Computer Security: Determining your Passwords | Lareau - Insurance Brokers
Martin Lapointe

Computer Security: Determining your Passwords

For the most of us, our job involves the use of a computer, and therefore, an email address and a password. Among good business practices, these passwords are often longer and more complex and are required to be changed after a certain period of time in order to ensure the security of your files. As if we didn’t have enough to remember in our personal accounts!

KEEPING YOUR WORK AND PERSONAL ACCOUNTS SEPARATE

My advice to you is to use different passwords for personal accounts and those associated with your job. In addition, it is of the utmost importance that you only use your work email address for things that relate to your job. It should be used solely for communication with other employees, customers, suppliers, partners, or other work-related people. If, for example, you need to create an account for a supplier, try to choose a password that you do not already use in your daily life.

You probably find these measures excessive or overly complicated. However, when you use the same password for your personal, work, and supplier accounts, you increase your risk of being hacked. In other words, if a hacker successfully infiltrates one of your accounts and obtains all of your information, it will be easy to reuse the information to access your other accounts. Having a few different characters in your passwords is not enough to prevent these computer geniuses from hacking into your other accounts.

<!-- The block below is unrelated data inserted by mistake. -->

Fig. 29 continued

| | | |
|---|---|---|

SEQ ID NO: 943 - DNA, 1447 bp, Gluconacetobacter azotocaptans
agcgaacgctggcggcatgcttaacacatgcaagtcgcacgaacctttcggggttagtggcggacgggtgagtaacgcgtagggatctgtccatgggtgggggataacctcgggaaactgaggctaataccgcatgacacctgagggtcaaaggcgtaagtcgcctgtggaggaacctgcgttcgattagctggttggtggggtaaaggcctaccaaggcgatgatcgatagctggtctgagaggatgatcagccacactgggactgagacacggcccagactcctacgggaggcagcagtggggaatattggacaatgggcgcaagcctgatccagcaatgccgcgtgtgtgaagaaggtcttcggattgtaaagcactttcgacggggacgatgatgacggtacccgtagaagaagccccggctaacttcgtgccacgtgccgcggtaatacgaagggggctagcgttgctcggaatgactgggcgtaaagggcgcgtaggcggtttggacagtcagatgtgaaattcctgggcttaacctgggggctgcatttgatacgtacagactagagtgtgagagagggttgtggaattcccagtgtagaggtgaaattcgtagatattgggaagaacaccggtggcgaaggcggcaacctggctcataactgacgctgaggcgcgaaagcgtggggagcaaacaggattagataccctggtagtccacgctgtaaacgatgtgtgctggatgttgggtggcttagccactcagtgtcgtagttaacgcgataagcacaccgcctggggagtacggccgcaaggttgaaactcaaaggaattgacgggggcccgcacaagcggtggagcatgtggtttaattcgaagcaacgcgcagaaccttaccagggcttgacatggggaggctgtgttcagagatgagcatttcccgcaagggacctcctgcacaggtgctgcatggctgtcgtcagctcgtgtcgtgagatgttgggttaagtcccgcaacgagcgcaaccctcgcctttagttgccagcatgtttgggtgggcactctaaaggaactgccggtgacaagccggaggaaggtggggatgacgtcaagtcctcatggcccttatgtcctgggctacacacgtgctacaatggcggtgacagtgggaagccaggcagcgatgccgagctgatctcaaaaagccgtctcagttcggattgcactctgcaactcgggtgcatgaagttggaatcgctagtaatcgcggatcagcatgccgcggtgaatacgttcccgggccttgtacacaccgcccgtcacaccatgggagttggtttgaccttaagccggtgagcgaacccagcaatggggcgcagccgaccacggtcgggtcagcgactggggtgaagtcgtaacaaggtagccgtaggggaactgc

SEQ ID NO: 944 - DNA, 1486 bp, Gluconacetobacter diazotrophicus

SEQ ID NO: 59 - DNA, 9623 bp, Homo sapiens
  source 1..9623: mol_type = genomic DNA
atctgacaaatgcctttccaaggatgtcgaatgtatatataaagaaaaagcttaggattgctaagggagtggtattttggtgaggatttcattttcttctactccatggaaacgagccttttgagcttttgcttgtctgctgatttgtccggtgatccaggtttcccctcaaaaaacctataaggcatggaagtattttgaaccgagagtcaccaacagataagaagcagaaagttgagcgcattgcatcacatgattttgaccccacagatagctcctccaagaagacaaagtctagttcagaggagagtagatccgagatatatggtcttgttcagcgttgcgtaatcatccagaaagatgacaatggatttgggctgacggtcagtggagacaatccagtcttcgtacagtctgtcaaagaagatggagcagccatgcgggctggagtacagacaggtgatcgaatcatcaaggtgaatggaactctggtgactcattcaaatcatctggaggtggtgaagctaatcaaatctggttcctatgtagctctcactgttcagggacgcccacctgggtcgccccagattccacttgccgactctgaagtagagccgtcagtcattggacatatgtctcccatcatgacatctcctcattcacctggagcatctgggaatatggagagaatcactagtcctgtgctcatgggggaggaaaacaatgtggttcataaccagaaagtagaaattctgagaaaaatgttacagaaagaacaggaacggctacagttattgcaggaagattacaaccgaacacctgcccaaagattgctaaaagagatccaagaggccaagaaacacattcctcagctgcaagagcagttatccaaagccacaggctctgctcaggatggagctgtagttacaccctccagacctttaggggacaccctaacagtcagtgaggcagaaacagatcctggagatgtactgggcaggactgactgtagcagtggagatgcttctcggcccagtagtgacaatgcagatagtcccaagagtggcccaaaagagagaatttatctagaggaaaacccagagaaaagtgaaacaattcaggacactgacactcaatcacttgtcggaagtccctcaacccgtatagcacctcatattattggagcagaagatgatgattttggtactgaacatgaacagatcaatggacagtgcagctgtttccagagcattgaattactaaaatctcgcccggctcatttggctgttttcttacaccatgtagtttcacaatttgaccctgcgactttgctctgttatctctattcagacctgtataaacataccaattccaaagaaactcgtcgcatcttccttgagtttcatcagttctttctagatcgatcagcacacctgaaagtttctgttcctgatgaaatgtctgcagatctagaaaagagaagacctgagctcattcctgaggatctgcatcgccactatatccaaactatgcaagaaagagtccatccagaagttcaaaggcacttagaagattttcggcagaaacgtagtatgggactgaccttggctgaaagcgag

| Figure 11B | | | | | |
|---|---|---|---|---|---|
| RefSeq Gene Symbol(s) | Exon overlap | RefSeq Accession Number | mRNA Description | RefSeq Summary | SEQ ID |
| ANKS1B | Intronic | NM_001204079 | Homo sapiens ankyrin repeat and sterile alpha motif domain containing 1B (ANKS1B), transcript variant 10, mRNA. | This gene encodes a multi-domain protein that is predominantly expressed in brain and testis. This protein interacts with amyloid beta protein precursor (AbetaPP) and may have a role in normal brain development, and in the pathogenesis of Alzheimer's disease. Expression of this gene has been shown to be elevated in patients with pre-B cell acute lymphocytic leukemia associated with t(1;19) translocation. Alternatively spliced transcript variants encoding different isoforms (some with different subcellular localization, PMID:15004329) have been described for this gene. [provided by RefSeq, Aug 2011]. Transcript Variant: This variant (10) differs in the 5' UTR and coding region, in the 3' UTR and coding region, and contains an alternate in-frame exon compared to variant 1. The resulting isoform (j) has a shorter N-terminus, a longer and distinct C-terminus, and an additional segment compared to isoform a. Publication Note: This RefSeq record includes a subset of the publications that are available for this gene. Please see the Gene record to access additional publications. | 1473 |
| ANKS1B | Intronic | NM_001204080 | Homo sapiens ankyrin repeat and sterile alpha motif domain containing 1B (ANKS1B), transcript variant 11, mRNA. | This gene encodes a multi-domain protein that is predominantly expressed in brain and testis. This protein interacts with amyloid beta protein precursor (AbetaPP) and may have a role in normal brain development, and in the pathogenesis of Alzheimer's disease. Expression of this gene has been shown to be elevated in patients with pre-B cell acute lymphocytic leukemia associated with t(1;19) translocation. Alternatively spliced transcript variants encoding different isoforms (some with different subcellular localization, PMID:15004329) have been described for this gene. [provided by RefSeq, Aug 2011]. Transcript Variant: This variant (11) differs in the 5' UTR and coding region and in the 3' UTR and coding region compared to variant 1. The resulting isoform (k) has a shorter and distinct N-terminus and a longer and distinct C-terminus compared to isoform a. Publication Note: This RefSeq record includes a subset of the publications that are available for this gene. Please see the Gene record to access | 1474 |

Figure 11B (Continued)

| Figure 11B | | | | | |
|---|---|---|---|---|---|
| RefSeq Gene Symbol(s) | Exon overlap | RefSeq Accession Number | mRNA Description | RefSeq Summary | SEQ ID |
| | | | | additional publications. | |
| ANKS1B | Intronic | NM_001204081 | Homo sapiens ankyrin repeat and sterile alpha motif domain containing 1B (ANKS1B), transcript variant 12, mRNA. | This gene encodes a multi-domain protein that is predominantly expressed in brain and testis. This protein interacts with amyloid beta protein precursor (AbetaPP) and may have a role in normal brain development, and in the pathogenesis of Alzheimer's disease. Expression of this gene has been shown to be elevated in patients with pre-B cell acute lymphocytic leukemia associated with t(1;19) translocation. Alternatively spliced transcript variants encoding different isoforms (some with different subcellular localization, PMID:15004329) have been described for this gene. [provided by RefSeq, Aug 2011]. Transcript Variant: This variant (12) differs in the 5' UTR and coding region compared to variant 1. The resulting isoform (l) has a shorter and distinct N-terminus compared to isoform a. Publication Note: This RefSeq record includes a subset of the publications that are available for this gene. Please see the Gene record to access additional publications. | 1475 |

ORGANIZING YOUR PASSWORDS

Since you likely have many passwords to remember, I recommend that you organize them according to the following groups:

  1. Work passwords
  2. Passwords for work-related activities
  3. Personal passwords

That way, if one of your accounts is hacked, you will not have to change all of your passwords—only those in the affected group.

To conclude, you should never use your work email for anything other than work. Increasingly, email lists are being sold to or stolen by spammers, leading to more spam in your inbox.

Above all, be cautious! The Internet era is far from over.

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Martin Lapointe IT Solutions Director See the profile

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